Blurred Lines

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I recently had an opportunity to speak to a group of cyber security leaders from across industry and government who had gathered at the Army Cyber Institute in West Point, N.Y.  Much of the day was focused on the importance of public sector and private industry working together to defeat our common cyber adversaries.  My remarks, however, focused on just how hard that collaboration will be under current circumstances. One thing holding back meaningful progress to that end is a profound lack of transparency.

Each side has different objectives, agendas and approaches, leading to the Kafkaesque result we find ourselves in today.  Without better defined roles and responsibilities, it is unlikely we will ever develop appropriate expectations of one another. It’s even less likely we will develop the necessary sense of trust, a foundational ingredient to constructive partnership.

And so, here are a few areas where we should “un-blur” the lines:

  • Intelligence gathering, while controversial, is an inherently governmental function. It is imperative that intelligence efforts be clearly separated from information assurance efforts, and appropriate barriers be taken to assure that the latter isn’t hampered by national efforts of the former. To be certain, the United States may have great cyber skill in the intel community, and intel can and should inform information assurance efforts, but there can be no confusion about authorities, responsibilities or purpose of use in national information defensive efforts.
  • Similarly, government, intelligence and defense communities cannot and should not be in the business of defending private sector networks and systems. That is a slippery slope, creating moral hazard for the private industry’s network defenders and an impossible task for the government.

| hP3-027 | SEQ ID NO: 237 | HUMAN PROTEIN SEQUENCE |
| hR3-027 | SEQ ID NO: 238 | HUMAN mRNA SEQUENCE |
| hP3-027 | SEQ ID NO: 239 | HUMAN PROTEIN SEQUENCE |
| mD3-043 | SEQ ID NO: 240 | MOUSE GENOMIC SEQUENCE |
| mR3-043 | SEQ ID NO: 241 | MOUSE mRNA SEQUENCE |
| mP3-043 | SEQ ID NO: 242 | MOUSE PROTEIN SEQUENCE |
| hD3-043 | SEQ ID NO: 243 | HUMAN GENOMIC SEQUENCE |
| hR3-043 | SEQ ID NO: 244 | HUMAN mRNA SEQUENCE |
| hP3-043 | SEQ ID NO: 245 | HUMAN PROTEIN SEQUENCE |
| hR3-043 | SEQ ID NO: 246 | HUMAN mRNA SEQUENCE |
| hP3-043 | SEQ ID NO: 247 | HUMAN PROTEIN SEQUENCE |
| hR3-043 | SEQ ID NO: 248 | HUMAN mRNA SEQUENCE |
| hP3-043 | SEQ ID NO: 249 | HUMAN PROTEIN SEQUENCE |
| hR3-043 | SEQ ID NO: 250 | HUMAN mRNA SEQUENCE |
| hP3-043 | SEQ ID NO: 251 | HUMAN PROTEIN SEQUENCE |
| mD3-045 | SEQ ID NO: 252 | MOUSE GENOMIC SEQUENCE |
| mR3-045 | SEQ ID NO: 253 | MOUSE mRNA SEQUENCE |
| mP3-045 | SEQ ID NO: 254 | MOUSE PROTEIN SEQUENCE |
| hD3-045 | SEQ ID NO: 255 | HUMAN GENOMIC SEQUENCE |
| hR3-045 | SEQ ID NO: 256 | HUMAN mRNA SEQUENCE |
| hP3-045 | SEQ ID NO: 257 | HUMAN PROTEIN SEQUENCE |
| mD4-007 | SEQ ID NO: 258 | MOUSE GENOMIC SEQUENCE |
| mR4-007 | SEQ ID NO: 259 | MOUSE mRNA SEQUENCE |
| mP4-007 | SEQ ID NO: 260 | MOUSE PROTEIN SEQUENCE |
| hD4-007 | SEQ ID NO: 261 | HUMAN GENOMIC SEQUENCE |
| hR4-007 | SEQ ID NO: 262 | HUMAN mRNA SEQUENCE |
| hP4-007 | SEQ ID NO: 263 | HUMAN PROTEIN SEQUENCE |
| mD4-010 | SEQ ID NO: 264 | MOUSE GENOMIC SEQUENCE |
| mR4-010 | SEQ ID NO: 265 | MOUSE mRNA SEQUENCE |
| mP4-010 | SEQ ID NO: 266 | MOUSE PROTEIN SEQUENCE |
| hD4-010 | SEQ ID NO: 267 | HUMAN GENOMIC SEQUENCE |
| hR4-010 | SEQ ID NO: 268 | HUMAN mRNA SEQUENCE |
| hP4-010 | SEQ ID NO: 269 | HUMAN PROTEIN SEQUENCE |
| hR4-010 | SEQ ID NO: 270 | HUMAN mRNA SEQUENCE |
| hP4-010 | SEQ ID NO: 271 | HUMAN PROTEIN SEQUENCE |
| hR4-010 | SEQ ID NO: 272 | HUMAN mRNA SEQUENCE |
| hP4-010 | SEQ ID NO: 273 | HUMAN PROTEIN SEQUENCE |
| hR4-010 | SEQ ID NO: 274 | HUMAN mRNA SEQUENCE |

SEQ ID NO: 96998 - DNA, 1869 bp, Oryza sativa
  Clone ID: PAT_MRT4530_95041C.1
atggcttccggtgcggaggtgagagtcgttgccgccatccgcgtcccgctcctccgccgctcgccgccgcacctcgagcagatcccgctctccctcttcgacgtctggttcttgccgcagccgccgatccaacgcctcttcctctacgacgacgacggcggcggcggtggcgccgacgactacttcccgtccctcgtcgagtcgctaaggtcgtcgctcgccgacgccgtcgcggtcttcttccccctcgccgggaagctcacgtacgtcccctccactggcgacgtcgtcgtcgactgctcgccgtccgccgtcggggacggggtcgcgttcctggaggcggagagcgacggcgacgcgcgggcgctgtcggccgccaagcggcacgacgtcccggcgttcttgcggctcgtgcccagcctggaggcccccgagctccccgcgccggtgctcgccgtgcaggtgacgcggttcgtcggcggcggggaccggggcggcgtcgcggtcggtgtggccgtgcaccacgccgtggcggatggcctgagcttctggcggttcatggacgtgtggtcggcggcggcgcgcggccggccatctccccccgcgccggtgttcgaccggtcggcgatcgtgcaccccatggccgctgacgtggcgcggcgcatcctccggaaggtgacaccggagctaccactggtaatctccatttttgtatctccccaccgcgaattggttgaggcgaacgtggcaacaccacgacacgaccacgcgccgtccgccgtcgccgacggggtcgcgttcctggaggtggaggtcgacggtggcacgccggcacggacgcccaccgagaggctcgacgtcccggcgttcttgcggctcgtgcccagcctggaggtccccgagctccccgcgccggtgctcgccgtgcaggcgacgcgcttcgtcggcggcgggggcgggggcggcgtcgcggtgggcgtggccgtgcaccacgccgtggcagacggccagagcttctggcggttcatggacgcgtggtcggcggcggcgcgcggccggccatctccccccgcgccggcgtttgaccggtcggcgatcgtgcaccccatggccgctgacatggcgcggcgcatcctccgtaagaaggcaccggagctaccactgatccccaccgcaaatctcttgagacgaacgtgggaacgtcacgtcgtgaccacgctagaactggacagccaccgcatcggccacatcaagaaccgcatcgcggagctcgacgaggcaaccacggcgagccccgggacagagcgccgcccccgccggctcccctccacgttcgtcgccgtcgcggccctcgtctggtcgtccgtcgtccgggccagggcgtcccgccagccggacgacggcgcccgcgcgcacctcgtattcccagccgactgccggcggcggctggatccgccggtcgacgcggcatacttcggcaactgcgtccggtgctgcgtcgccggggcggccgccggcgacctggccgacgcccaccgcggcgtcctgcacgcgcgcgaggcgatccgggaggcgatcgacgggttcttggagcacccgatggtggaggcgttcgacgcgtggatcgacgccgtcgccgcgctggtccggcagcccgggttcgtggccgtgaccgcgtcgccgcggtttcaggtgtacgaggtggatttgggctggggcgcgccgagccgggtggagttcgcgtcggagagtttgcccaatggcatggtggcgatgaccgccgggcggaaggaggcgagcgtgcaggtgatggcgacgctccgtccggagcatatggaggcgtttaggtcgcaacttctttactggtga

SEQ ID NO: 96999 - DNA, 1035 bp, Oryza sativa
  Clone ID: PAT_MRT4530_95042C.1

• Legislation and regulation are critical governmental authorities and responsibilities. While these areas risk unintended consequences, there is greater risk in inaction.  Such efforts are not in lieu of free markets, but rather to help achieve balance. Among these is the need for greater transparency, especially into breaches, among other things, whether breaches affect personally identifiable information or not.

Private businesses, as the owners and operators of so much of the national infrastructure, are responsible for securing it. Industry needs to take responsibility for its own cyber defenses, and not abdicate that responsibility to the government.  Today’s reality is that technology risk is business risk!

Developing critical security technologies and driving innovation is an area of significant private investment.  Industry needs to evolve its strategies and tools. For too long, private enterprises have settled for iterative baby steps in innovation while our adversaries stride past us.

Companies must also take an active role in the cyber strategy and policy debate. The results of those debates affect us and indeed, the whole world.  Sitting on the sidelines wringing hands is behind us.

I don’t profess to have all the answers, but it’s important to move this idle dialogue forward. Clear roles and responsibilities are prerequisites to establishing trust and meaningful partnership.

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